The Big Read Blog (Archive)

Where Have All the Bookshelves Gone?

A sign at Capitol Hill Books in Washington, DC. Among the banned words: Amazon and Kindle. Image by J. Rachel Gustafson

Twenty thousand books call Capitol Hill Books in Washington, DC. home. The bookshelves they inhabit will remain their main residence until a book-loving individual adopts them and carries them home to expand their own personal library. The books at Capitol Hill Books are used. They are dog-eared, inscribed, and, sometimes, if you are lucky, filled with the previous readers’ literary reviews and personal reflections.

I feel at home in bookstores like this. Readers navigate the books stacked from floor to ceiling, and we enjoy the thrill of the scavenge, where a haphazard search finds accidental treasures. But according to Capitol Hill Books owner Jim Toole, people like me are a dying breed, idealistic dinosaurs and a bit on the romantic side. And as the electronic book, or e-book, business expands, some worry the physical book is in jeopardy. Is it possible the two can co-exist? And how does the digitization of the book world impact individuals’ personal bookshelves and in-home libraries?

NEA Literature Director Ira Silverberg, our own resident book aficionado, believes we’re at the very beginning of a major transition. “Nobody really knows what their personal bookshelf is going to look like as the digital revolution continues," he said. "The tactile thing that reading is, that a book is, if you’ve grown up with it, is hard to think of any other way. It’s an interesting point in the transition. There is a lot that is going to change in how books get sold and are formatted over the next five years.”

Toole agrees, but fears the e-book has already taken the front seat. “We haven’t crossed the divide yet, but at some point in time, this next generation, if not this generation, will say, ‘All I do is look at monitors. I could just look at my Kindle, so what good are [books] for?’" he said. "Unfortunately, we are on a downhill slide. Buggies used to be very nice but then automobiles came and ran them out.”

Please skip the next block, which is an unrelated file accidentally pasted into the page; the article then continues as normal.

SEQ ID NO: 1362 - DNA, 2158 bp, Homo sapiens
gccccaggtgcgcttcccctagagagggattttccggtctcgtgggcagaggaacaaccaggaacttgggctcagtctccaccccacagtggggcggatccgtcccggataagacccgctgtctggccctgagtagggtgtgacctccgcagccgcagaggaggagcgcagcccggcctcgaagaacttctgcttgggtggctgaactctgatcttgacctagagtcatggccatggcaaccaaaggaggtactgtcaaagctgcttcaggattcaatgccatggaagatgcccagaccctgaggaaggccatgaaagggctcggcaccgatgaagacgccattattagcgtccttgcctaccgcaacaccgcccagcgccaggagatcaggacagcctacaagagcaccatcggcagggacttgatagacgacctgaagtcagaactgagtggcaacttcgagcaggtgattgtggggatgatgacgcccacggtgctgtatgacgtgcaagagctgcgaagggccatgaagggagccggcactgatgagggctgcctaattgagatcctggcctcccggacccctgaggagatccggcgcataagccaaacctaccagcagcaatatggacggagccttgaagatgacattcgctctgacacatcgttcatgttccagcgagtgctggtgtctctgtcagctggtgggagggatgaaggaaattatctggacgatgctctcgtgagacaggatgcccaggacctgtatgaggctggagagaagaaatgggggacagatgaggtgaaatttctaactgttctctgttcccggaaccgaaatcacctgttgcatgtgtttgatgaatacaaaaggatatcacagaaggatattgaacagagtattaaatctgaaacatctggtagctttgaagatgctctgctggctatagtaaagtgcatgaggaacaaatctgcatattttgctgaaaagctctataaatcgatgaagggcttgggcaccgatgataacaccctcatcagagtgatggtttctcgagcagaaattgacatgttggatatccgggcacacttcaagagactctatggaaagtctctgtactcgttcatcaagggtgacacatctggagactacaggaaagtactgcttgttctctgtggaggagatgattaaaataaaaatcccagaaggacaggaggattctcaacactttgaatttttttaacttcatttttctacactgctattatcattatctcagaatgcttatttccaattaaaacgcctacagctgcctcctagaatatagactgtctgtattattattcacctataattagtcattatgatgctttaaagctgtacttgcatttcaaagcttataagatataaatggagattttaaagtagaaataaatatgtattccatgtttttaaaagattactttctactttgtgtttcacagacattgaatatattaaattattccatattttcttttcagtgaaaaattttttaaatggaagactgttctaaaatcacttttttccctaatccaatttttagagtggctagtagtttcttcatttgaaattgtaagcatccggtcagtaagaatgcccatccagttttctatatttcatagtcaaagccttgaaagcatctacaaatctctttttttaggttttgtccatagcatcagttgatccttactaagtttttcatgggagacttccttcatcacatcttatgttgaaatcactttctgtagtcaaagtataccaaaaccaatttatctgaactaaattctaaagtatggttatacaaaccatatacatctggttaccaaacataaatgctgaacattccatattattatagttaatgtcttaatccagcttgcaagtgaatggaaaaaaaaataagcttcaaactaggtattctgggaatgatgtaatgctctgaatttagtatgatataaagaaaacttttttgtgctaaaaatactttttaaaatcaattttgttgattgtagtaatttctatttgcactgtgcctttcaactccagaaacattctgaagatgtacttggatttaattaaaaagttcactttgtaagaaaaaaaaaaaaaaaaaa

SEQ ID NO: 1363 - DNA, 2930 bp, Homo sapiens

And perhaps this is just bookonomics. New, hardback books are not cheap, and the ease and affordability of e-books are tempting to the avid book consumer. Silverberg predicts publishers will consider the visual richness of new books in order to set the physical book apart from the digital book. “The objectification of the book will become increasingly important because publishers are battling against an inexpensive, ethereal thing. So the more you can imbue an object with meaning, whether that meaning is between the covers or because of the cover, I think you win people over.”

Digitization also allows book publishers to push the envelope regarding the authors they publish. Silverberg explains, “More and more publishers who apply for NEA funding are using digital technology to get out new work, to keep old work available, and to find new ways to stay in touch with their audience through the web.”

Questions about the future of the book industry will likely tell us a good deal about the future of literacy in America. Reports from Amazon in 2011 show that for every 100 paperbacks sold, 114 e-books are purchased. Whether readers prefer e-books or physical books, it seems that the business of reading itself is thriving. As technophiles continue to stock their screens with digital titles, hopefully independent bookstores like Capitol Hill Books will allow dinosaurs like myself to keep filling their empty bookshelves.

So long live the book. Long live the bookshelf. And most importantly, long live the readers.

 

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